Glencore Plc’s rebound ran out of puff after a two and a half day ascent that briefly recouped the $6 billion in market value it lost Monday.
The shares slid 3.1 percent to 88.72 pence by 2 p.m. in London after earlier gaining as much as 8.2 percent. Trading was halted for five minutes because of increased volatility.
Investors in the stock could probably do with the breather. Glencore has endured a roller-coaster week with unprecedented volatility for a company that went public in 2011 at 530 pence a share.
The mining and trading firm sank 29 percent on Monday to 68.62 pence on concern over its debt load and ability to withstand sinking commodity prices. It spent most of the rest of the week recovering those losses as investors spied a bargain.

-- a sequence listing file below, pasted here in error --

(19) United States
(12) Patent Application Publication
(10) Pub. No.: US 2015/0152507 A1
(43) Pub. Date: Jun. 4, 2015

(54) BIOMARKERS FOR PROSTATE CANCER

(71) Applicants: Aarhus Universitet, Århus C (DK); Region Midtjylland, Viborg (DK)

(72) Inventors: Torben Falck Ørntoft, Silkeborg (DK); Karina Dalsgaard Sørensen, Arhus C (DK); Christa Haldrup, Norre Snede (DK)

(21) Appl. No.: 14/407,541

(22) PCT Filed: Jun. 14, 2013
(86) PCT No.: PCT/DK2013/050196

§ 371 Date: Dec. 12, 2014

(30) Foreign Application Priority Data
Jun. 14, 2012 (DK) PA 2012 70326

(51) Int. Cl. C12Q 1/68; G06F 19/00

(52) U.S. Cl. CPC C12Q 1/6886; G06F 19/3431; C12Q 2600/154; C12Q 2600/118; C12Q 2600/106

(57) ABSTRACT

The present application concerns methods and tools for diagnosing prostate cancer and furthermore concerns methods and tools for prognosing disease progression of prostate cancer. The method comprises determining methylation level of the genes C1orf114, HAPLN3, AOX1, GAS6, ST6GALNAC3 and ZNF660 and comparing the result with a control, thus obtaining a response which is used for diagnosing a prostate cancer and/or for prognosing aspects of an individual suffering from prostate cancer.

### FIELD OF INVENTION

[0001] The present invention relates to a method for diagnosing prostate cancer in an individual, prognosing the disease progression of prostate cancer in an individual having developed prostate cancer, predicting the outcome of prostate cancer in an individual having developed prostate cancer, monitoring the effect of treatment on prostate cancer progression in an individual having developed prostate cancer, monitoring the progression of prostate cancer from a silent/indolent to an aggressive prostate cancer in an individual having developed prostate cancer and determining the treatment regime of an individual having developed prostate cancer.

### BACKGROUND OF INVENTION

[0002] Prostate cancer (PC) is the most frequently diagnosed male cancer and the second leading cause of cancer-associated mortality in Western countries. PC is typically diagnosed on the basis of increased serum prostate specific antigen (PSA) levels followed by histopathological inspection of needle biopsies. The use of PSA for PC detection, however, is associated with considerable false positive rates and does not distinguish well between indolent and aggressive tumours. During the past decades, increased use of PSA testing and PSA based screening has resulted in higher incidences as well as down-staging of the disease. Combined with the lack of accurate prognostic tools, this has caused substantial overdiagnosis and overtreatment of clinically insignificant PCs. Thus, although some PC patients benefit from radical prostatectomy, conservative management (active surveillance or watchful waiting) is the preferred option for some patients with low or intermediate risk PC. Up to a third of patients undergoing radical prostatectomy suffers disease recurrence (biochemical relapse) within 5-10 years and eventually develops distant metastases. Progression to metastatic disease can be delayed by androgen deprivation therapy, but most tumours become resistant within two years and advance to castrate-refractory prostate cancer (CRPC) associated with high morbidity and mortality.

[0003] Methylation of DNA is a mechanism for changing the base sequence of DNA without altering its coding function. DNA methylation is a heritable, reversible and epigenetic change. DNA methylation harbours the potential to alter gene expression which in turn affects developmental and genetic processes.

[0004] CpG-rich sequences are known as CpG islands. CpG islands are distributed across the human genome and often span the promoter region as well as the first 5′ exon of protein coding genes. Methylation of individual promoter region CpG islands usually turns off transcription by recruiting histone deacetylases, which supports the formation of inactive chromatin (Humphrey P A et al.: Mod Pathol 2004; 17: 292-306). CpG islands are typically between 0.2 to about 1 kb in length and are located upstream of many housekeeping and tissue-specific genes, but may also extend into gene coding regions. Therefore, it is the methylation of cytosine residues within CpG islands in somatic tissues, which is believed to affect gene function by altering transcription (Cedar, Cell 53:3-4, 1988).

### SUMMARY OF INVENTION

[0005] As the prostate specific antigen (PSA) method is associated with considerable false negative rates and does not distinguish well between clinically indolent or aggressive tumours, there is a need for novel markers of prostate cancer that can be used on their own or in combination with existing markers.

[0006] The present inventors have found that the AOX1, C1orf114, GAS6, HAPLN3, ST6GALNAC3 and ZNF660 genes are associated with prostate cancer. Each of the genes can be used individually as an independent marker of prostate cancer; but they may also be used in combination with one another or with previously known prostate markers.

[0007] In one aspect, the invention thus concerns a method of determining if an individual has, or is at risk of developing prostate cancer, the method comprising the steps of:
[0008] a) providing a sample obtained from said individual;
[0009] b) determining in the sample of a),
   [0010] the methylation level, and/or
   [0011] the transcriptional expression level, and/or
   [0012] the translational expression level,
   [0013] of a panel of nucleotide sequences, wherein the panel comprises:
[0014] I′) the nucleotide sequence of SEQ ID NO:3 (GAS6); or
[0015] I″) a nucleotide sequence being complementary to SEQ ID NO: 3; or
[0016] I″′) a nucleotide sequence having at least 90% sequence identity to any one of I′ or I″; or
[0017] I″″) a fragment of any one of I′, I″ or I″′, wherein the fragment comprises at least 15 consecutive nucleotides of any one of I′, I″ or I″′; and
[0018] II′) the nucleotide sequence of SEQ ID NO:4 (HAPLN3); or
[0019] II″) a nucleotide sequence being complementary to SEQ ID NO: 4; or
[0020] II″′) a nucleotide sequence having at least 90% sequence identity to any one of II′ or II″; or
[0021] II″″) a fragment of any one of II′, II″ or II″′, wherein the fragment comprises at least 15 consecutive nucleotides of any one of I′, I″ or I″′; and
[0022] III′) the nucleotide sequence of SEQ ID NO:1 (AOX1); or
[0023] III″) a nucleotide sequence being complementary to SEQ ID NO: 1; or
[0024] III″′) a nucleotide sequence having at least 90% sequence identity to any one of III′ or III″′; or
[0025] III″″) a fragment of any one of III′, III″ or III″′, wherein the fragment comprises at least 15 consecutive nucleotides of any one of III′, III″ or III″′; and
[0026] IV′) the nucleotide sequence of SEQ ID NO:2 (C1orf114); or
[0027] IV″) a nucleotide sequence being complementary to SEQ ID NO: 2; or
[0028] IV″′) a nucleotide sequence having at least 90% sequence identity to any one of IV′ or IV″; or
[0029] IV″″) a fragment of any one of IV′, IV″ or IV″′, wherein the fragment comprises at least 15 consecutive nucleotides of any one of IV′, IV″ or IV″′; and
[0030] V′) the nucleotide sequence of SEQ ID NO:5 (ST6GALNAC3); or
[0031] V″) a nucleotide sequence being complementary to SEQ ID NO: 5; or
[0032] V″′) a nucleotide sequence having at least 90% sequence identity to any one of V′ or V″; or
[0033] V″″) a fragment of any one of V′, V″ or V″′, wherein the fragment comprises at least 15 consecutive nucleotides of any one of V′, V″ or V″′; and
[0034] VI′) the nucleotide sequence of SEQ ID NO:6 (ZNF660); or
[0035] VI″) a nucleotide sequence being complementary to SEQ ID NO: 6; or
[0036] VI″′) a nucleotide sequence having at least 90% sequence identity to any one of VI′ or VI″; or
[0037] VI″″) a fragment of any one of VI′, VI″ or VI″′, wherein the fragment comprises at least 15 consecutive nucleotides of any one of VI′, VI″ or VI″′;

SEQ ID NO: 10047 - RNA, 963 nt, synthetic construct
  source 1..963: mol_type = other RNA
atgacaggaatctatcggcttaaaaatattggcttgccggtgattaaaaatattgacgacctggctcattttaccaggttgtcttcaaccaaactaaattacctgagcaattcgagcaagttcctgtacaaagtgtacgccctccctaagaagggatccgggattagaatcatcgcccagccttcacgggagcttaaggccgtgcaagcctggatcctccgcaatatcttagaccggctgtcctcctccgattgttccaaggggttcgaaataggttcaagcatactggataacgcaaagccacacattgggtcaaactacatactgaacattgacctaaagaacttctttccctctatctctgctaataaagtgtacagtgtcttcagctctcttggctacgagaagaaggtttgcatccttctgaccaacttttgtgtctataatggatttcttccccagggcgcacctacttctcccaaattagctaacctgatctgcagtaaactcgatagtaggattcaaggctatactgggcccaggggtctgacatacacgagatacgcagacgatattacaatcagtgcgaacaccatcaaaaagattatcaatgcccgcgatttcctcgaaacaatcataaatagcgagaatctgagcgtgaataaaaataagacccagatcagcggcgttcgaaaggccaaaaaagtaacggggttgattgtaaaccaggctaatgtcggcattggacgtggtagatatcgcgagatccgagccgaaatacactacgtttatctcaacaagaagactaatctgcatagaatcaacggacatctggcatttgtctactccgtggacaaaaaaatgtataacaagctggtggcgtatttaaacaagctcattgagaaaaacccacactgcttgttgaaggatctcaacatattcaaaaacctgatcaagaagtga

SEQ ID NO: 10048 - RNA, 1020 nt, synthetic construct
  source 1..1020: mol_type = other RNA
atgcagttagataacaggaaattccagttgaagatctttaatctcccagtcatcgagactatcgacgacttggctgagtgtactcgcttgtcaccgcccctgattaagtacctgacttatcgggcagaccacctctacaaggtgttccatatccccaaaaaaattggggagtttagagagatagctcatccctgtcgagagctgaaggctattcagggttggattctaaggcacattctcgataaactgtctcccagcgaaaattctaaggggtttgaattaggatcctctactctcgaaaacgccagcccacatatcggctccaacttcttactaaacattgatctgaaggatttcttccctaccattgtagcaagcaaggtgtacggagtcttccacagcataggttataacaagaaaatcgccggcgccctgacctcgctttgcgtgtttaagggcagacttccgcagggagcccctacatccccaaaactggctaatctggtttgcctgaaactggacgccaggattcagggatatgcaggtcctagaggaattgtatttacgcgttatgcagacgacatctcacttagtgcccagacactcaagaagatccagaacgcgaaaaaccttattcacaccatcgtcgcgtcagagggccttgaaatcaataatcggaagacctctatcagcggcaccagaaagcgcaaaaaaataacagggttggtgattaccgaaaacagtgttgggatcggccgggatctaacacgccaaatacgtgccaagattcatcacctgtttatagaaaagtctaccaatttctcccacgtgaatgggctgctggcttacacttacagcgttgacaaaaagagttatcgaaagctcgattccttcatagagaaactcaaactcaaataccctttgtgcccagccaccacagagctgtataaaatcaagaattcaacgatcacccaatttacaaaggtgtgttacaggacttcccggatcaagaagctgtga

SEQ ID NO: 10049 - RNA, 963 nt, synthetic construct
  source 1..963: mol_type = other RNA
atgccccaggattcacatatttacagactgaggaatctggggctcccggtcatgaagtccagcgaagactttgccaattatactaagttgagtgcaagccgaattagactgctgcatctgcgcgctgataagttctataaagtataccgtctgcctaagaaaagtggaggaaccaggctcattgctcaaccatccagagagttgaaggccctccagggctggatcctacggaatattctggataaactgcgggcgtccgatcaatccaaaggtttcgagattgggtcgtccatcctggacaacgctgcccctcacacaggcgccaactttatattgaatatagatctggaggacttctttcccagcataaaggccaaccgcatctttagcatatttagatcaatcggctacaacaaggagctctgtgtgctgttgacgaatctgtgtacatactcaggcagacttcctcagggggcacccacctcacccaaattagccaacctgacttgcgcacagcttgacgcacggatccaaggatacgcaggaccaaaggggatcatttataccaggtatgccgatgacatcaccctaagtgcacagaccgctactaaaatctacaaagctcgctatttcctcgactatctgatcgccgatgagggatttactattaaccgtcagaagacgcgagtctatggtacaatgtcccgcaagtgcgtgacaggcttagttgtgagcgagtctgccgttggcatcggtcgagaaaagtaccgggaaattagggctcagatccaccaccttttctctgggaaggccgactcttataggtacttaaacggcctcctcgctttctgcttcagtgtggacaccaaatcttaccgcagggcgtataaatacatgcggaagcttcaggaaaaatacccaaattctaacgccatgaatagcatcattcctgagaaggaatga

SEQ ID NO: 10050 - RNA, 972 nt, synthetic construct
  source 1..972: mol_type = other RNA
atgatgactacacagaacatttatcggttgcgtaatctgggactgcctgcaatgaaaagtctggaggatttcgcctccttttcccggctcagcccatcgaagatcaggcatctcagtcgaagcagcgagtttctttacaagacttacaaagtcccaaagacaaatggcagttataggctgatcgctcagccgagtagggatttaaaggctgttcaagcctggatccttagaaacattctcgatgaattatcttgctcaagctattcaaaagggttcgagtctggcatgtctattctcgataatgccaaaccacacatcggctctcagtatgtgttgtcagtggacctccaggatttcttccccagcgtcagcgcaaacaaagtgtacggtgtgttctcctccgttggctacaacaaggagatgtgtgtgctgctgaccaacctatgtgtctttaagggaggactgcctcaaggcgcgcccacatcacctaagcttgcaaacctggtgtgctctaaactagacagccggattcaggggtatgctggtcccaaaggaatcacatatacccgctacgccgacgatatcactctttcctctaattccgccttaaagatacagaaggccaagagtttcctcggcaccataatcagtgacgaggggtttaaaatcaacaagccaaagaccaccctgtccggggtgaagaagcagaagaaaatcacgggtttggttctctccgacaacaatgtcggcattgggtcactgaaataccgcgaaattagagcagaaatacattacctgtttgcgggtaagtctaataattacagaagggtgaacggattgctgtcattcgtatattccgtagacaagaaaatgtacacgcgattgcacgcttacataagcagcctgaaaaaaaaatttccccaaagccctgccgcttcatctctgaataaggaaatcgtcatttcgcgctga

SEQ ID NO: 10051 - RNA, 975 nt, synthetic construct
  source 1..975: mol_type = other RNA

Glencore sought to reassure investors on Tuesday, saying it had “absolutely no solvency issues” and its funding was secure. It also aimed to raise more than $1 billion selling future gold and silver output, according to two people familiar with the situation.
“It seems the company is now leaving no stone unturned in order to pay down debt,” Investec Plc said in a note to investors on Thursday. “Maybe the quiet voice of reason is beginning to be heard.” The same investment bank on Monday had said there would be little value left for Glencore’s shareholders should low commodity prices persist.
Chief Executive Officer Ivan Glasenberg is working on a debt-cutting plan including sales of assets, halting dividends and a $2.5 billion share sale completed last month. Glencore hired banks to sell a stake in its agricultural business, said people familiar with the deal.
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